19 is favoured legal age for pot use in presentations to N.B. committee
Although most speakers on the issue preferred age 19, medical people recommended minimum age of 25
A minimum age for legal marijuana use in New Brunswick is still up in the air, although most speakers on the issue during recent provincewide hearings favoured 19.
In July, the select committee on cannabis travelled to seven cities to gather public's opinions and concerns before recreational marijuana is legalized next year.
The committee, which finished the tour in Fredericton on Friday, was surprised by some of the comments, said Benoît Bourque, the chair.
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"I would say the age of 19 did come out on top in terms of the number of people supporting the minimum legal age of 19," Bourque said.
This was in contrast to the medical professionals who, throughout the tour, clearly preferred a legal age of 25, even though they understood it would be difficult to enforce. Some groups recommended a minimum age of 21.
The committee of MLAs also heard the public's thoughts on how and where to distribute marijuana when it's legalized next July — whether it be a privatized system, sold through a Crown corporation, or through a hybrid of some sort.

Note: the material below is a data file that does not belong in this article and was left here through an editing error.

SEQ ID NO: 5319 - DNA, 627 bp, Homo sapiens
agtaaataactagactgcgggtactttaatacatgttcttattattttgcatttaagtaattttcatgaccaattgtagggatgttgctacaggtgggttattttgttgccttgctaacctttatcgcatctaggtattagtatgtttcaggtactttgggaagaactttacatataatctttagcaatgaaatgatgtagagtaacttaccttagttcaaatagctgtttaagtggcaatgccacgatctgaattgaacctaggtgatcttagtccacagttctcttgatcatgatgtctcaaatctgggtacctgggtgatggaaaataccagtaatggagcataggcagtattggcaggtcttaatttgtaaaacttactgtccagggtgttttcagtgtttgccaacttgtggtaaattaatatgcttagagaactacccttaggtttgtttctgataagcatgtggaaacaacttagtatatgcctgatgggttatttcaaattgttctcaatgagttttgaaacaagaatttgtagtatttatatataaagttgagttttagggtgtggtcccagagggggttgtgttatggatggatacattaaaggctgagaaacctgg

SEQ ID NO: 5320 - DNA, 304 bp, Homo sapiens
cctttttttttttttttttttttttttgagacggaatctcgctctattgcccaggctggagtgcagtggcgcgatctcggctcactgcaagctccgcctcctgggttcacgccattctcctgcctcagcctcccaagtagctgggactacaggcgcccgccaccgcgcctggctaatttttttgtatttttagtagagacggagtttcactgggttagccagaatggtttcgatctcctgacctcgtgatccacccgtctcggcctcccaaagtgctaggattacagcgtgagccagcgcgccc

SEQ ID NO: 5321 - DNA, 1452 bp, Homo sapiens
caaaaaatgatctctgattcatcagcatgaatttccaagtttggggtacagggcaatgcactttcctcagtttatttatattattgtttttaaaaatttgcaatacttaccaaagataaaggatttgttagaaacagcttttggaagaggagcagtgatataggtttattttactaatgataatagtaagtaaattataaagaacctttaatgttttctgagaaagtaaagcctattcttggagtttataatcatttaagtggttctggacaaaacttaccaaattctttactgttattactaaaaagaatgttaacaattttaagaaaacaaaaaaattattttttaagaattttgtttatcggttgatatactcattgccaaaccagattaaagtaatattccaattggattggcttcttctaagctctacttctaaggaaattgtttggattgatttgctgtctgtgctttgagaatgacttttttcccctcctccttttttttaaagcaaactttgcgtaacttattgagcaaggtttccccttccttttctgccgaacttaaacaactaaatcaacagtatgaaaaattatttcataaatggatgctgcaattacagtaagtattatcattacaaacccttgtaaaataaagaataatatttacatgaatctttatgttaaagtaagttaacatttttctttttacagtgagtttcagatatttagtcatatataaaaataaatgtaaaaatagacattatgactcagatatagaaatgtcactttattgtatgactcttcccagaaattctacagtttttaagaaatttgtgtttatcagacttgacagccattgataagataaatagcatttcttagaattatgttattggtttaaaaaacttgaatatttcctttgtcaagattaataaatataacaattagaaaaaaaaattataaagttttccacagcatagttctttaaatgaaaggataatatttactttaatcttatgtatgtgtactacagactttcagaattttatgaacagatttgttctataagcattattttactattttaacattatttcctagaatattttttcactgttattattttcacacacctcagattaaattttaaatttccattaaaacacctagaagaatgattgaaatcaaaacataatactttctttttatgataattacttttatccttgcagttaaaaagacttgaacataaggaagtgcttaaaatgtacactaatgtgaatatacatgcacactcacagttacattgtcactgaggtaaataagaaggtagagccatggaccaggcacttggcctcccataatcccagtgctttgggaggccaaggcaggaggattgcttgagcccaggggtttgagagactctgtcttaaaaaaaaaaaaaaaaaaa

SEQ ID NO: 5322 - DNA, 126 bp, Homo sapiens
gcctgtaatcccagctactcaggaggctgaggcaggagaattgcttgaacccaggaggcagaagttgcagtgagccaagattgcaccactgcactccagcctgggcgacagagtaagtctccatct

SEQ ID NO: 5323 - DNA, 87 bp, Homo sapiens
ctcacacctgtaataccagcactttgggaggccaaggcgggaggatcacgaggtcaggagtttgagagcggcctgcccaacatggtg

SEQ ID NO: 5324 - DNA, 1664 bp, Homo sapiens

Bourque said a majority of speakers appeared to support a Crown corporation model, pointing to NB Liquor's sale of alcohol in stores across the province.
To his surprise, Bourque said, comments were generally positive in terms of the legalization of marijuana.
"People were pretty much on board with the fact it's coming, let's deal with it," he said. "That was the overwhelming feeling we got from all the presentations."
He said the idea behind legalization is to get the drug out of the hands of children and the profits out of the hands of criminal organizations.
"This would help us in terms of ensuring proper quality of product and ensure proper control," he said. "Also to ensure, proceeds can go into educational programs."
The committee will consider the information it gathered during the tour and will look at concerns and questions surrounding legalization.
The committee will issue a final report by Sept. 1.
That report will also be made public and submitted to government and will help with the creation of legislation governing the sale and use of marijuana in New Brunswick.
With files from Information Morning Fredericton